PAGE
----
The Deadline For PCI DSS 3.2 Is Quickly Approaching
One of the most important parts of any business is security, specifically for customer information. When a customer trusts you with their personal information – such as name, date of birth, address, or credit card numbers – they are trusting that their information is in good hands. If this information were exposed, it would create trust issues with your customer base, and potentially harm your business (not to mention legal issues that could arise).
In the next few months, a deadline is approaching for businesses to implement a new set of security standards under PCI Compliance, with January 31, 2018 being the last day you’ll be allowed to use the old set of standards. If your business handles payment cards (credit cards and debit cards), you’re going to want to make sure you are ready before this deadline hits.
What Is PCI Compliance?
Also known by its full name, Payment Card Industry Data Security Standard, PCI is essentially a set of standards that regulate how businesses process, store and transmit payment card information. Among other things, under PCI a business is required to:
- Protect the cardholder’s information and data
- Maintain a secure network
- Use access control measures
- Regularly monitor and test their networks
Complying with all of these standards provides customers with a level of comfort and security, while also protecting the business from legal liability. But as times change, new methods are developed designed to get around existing protocols. This is the main reason that new PCI standards are occasionally rolled out, with businesses required to comply by a certain date.
What Changes Have Been Made?
PCI is upgrading from version 3.1 to 3.2. This upgrade is aimed at clarifying a few previous provisions, addressing new exploits that have arisen, and improving against old exploits. If you would like to read more on the technical aspects of what’s changing, you can read this guide.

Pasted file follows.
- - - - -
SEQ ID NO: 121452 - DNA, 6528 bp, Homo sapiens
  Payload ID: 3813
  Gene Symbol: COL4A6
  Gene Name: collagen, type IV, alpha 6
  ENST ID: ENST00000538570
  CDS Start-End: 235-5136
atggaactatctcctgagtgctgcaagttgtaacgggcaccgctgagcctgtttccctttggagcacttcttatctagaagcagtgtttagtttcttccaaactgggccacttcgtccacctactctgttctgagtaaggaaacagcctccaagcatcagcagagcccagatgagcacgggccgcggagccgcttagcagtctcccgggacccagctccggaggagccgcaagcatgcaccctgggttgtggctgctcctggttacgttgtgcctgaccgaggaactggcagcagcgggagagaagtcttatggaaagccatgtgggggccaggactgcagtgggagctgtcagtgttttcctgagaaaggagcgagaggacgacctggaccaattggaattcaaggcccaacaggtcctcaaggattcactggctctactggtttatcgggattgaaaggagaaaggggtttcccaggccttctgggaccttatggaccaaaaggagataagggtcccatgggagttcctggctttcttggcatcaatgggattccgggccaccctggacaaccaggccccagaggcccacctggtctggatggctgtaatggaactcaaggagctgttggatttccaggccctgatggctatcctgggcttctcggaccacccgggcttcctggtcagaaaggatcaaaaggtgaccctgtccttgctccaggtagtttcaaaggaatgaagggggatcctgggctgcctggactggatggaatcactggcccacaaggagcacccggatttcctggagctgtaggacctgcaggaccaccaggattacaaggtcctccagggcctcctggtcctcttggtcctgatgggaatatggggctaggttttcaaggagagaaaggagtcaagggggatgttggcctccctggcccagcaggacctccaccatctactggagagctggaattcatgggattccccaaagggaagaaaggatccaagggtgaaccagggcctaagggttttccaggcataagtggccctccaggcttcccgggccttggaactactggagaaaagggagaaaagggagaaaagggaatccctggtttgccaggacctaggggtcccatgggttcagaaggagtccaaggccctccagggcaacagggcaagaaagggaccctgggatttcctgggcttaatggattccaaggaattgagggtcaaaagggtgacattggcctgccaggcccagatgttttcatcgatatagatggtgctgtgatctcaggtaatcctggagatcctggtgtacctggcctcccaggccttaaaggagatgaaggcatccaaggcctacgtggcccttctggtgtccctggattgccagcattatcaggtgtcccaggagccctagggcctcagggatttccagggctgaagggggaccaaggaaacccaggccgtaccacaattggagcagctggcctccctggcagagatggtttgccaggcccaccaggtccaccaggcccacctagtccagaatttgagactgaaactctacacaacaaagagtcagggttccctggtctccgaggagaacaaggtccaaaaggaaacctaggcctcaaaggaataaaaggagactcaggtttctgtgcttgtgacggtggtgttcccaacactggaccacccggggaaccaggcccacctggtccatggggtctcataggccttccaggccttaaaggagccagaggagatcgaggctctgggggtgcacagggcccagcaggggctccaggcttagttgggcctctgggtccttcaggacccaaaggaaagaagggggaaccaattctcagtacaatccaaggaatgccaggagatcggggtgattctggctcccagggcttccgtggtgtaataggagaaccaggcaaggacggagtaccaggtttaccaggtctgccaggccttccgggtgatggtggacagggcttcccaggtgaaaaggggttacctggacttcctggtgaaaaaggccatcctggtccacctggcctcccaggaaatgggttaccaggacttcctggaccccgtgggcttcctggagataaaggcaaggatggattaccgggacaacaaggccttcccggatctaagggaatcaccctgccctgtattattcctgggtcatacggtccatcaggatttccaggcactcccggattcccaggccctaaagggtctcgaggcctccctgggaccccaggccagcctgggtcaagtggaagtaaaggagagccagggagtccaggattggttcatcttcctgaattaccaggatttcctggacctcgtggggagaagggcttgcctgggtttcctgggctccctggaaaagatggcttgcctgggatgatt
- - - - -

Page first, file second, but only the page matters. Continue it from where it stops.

What Does My Business Need To Do?
2018 isn’t too far away now, so if your business isn’t compliant under PCI 3.2 yet, you’re going to want to start that process. The steps you need to take will largely depend on your business’s merchant level, which in turn is determined by the number of transactions you typically make within a 12-month period. For a step-by-step instruction, check out this guide on becoming PCI compliant.
PCI Compliance is not something you can typically do overnight however. It requires planning and implementation, which all take time. That’s why it is important to get started sooner rather than later, so that all of your customer information remains protected, and that your business remains compliant with all established standards.
How PCI Compliance Fits Into Your Overall IT Security Strategy
When you’re running a business, security is of the utmost importance. Not only do you need to protect important documents, but you need to guard employee and customer data. We’ve all seen on the news companies who failed to adequately secure their data, and it caused them nothing but headaches. PCI compliance should be just one part of your IT security systems, albeit an important one.
From PCI compliance to IT recycling and data destruction, you don’t want any security risks within your business. If you would like to find out more about IT security for your business – or specifically how to protect customer data when transitioning to new systems – please feel free to contact us at any time.